NACRA Sevens Heralds Bigger Things for American Rugby | URugby | College Rugby and High School Rugby

NACRA Sevens Heralds Bigger Things for American Rugby

On Sunday, the NACRA Sevens brought 18 teams from 10 countries to Wake Med Soccer Park in Cary, NC. As a regional qualifier for the 2016 Olympics, the eyes of the world were on Cary. The press room was full, even if the seats weren’t. As put by commentator Martin Pengelly in The Guardian last month, this weekend represented “some of the most important minutes for rugby in the United States – ever.” 

When it was over, the two American teams wrapped themselves in flags and hoisted trophies. Before that, the men's sevens squad seized a large "qualifier" sign, raising it for a cheering crowd as teammates bear-hugged in the background. The women's team, proving themselves a class act, insisted the vanquished Mexico team join them in a post-match victory photo—perhaps sensing their new responsibility to build bridges and model sportsmanship as a program soon to gain a major profile on the world stage.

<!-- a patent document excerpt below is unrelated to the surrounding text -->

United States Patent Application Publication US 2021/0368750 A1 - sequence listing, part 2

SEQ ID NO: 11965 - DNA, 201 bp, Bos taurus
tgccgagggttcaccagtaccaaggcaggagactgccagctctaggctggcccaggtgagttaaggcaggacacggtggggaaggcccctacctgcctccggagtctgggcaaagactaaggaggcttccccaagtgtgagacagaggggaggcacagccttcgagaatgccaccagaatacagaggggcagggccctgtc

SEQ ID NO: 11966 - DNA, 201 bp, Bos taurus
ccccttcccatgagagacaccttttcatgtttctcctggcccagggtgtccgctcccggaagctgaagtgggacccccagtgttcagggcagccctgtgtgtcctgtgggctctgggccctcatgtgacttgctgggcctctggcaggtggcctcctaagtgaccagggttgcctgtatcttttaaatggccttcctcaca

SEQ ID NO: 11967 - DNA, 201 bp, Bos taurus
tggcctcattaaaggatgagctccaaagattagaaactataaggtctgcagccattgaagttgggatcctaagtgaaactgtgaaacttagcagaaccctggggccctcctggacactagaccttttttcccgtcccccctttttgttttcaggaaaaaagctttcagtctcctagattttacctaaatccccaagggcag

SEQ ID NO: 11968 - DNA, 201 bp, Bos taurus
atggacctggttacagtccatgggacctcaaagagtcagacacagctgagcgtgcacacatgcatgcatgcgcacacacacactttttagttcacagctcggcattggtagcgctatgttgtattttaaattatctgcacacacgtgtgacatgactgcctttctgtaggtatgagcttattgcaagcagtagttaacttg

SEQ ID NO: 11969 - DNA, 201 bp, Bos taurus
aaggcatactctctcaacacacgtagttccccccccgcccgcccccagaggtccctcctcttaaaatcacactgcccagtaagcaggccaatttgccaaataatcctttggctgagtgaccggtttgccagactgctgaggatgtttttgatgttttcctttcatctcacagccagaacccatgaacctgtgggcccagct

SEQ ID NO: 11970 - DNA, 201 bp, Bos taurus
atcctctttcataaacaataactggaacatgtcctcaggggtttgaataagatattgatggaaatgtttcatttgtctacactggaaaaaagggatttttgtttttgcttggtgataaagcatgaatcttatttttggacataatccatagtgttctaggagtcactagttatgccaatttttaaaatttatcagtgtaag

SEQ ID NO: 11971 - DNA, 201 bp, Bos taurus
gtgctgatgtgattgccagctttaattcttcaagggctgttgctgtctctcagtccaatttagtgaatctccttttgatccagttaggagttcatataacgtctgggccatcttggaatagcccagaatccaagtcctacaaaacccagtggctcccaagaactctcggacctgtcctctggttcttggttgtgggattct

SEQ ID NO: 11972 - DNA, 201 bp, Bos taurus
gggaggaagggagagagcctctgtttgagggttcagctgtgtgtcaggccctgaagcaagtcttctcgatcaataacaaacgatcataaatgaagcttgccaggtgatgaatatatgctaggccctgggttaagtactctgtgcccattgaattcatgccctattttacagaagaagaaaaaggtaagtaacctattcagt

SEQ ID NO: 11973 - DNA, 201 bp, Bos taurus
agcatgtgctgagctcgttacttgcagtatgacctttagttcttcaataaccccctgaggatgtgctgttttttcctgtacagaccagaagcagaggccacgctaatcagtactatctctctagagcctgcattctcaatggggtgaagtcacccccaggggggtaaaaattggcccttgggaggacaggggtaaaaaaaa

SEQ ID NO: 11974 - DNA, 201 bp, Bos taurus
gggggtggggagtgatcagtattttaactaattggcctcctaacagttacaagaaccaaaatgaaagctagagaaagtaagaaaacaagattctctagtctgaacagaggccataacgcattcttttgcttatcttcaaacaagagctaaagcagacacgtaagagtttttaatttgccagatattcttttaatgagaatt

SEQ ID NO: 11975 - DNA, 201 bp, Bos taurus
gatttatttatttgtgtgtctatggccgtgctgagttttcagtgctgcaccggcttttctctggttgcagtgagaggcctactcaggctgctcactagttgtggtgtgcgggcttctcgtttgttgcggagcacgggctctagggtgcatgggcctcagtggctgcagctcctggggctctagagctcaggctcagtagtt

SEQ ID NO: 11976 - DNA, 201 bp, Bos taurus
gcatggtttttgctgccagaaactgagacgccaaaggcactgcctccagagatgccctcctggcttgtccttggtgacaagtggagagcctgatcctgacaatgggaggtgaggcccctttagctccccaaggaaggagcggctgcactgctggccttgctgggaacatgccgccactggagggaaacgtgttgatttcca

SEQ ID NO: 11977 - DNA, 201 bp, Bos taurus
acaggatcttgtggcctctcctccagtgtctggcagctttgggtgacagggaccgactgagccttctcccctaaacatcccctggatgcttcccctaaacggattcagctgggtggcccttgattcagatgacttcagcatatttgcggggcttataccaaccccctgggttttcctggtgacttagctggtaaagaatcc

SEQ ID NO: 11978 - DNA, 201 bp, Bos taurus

Meanwhile, the leading local news channel, WRAL, gave the NACRA Sevens a cursory mention on the 11 o'clock news. They seemingly did not bother to send a cameraman or photographer to the Olympic qualifying event taking place in their backyard, though they did go into great detail on a NASCAR race in Michigan delayed three times by rain, and finally canceled. They also ran some footage of a local pee-wee soccer game. 

Rugby on the Rise: From Grass Roots to World Stage

Such is the paradox of rugby in the U.S today, with its growing base of passionate fans and under-the-radar players on youth leagues and college campuses around the country. In one of the great sports stories of the past year, the U.S. Men's National Team, a few months ago considered a long shot to qualify for the Summer Olympic Games in 2016, defeats arch-rival Canada 21-5, stymieing a fearless physical team with tenacious defense, quickness and passing skill, to punch their ticket to Rio. The women's 88-0 drubbing of Mexico, while lacking drama, was an arresting display of sheer physicality and talent.  

And the fans! Imagine the chanting, arm-waving acolytes of the women's gymnastics team in 2012, only more sophisticated as students of the sport. Oh, and fewer in number. At least for now. 

When Bob Costas gets ahold of the tale of American Olympic rugby—the legacy as reigning gold medalists from the last time the sport was in the Games (in Paris 92 years ago); the climb from obscurity to world power, with a colorful cast of characters and two very good squads hitting their stride at the best possible time; a quick, exciting, contact sport like nothing else to be seen at the Summer Olympics—the nation might wish it had paid more attention to what was going on in Cary this weekend. 

Commentary by Jim Sturdivant